Most people give little thought to the way they park their cars. It seems to make sense that parking spaces are angled for drivers to pull forward into them. That’s the way it has always been done. Could we really have been parking the wrong direction for all these years?
According to city planners in several states, the answer is yes. A new trend of back-in angled parking is beginning to take hold. Kansas City, Missouri recently joined a growing list of cities to adopt reverse-angle parking including: Salt Lake City, San Francisco, Seattle and Honolulu.
The new parking design is in place on the west side of McGee Street in between 17th Street and 20th Street. If drivers want to park they stop in the traffic lane, and back up into a parking spot. Signs aid drivers explaining, “It’s as easy as 1-2-3. Signal, Stop, Reverse.”
Benefits of Back-in Parking
Why the change? The main reason is safety. A frequent cause of car accidents is drivers backing out of conventional parking spaces which prevent them from having a clear view of on-coming traffic.
Reverse-angle parking enables drivers to pull out of spaces facing traffic. Oncoming cars, cyclists and pedestrians are easily visible. In particular, biking groups have been advocates of back-in parking to prevent car and bicycle accidents.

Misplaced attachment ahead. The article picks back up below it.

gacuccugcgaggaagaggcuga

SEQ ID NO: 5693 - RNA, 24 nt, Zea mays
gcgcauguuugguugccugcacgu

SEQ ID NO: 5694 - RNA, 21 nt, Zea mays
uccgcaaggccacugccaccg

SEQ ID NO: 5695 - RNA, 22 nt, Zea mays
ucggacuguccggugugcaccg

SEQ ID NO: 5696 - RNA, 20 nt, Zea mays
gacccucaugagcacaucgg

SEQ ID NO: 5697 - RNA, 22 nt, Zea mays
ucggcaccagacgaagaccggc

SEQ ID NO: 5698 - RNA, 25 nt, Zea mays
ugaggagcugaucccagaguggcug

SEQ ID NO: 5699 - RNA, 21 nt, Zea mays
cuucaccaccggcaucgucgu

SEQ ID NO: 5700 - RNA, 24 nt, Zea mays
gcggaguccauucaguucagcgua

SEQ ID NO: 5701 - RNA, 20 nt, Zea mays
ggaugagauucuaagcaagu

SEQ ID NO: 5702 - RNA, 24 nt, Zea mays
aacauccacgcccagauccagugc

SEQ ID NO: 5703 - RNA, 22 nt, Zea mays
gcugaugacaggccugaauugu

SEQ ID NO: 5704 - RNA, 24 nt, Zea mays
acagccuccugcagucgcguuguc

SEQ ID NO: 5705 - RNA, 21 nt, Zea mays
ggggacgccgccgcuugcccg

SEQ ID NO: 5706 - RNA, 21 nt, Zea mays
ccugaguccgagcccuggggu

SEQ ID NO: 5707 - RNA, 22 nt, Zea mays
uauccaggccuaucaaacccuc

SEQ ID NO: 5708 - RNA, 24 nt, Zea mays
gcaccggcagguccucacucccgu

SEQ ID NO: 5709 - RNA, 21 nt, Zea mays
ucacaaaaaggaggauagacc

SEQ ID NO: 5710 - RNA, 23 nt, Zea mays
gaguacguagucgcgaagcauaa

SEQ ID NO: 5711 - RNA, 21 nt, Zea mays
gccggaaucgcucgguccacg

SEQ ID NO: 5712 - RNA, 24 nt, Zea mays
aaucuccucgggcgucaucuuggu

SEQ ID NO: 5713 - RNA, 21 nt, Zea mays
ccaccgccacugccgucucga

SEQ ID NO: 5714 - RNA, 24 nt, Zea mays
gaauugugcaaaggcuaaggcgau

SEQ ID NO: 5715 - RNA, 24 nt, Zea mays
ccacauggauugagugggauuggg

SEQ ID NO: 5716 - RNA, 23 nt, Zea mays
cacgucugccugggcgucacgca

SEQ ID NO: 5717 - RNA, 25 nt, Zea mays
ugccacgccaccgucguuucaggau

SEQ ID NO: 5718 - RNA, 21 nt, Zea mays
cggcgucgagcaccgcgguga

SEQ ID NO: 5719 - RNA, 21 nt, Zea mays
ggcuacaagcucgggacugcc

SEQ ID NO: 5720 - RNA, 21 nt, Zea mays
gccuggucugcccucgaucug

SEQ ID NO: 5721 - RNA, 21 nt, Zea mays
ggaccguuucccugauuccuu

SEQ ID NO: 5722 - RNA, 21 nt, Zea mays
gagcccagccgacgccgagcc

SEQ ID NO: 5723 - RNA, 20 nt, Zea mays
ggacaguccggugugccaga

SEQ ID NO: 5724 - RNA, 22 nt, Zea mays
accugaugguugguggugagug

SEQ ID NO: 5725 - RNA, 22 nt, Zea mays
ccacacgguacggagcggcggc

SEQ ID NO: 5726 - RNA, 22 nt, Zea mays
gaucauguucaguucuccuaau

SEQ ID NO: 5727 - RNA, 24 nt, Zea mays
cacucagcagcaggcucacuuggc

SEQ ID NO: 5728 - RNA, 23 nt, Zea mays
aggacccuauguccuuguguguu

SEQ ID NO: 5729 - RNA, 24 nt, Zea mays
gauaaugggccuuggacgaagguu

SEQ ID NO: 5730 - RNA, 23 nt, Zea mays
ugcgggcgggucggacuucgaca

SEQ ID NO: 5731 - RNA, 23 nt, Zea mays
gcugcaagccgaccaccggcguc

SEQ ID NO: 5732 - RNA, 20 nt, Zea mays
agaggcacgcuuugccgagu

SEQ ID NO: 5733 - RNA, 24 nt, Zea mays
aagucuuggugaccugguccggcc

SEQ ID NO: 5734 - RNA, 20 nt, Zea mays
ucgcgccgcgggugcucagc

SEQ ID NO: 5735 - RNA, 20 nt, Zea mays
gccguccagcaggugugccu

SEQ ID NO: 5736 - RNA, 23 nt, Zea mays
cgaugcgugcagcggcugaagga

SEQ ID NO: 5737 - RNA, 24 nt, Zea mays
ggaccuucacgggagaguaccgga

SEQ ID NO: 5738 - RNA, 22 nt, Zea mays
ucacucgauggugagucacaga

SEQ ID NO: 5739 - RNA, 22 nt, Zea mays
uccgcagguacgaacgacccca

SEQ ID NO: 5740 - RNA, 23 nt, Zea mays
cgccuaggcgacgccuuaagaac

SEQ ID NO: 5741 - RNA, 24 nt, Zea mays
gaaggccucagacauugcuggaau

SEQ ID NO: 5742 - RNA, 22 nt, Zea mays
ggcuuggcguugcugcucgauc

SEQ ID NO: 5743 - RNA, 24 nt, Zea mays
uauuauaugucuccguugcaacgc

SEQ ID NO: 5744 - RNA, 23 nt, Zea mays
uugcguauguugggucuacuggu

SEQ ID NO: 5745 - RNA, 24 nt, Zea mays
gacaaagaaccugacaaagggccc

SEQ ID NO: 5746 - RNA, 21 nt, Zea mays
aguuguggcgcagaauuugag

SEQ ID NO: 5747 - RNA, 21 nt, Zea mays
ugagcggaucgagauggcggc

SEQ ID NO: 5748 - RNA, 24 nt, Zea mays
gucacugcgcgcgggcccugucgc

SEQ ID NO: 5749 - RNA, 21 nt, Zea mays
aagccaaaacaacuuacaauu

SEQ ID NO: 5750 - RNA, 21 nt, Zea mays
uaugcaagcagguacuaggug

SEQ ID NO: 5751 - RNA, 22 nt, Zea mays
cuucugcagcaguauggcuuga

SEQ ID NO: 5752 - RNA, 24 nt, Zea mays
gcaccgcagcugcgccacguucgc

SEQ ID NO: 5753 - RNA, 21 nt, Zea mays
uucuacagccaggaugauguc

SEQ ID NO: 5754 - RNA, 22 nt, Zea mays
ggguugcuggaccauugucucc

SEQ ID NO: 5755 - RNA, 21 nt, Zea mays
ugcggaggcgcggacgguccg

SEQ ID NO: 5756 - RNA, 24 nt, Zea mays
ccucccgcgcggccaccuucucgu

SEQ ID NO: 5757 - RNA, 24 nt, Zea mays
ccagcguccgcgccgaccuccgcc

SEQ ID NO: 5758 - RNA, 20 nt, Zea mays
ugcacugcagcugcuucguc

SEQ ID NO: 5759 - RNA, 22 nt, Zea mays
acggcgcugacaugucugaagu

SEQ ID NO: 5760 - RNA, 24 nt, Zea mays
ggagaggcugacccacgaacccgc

Those loading the rear of their cars remain safely on the sidewalk, instead of standing on the street. Additionally, open doors direct children away from the line of traffic.
Back-in parking also increases parking spaces. “Why it took so long for us to figure out that this way is better, I don’t know,” stated Dennis Gagnon, Kansas City’s public works department’s spokesman.
Drivers could cross over traffic and pull forward into spaces, but they would then face the possibility of backing up into on-coming traffic. Police will also soon begin ticketing vehicles that do not back into designated parking spaces.
Reverse-angle parking will likely be expanded to other areas of the city in the near future.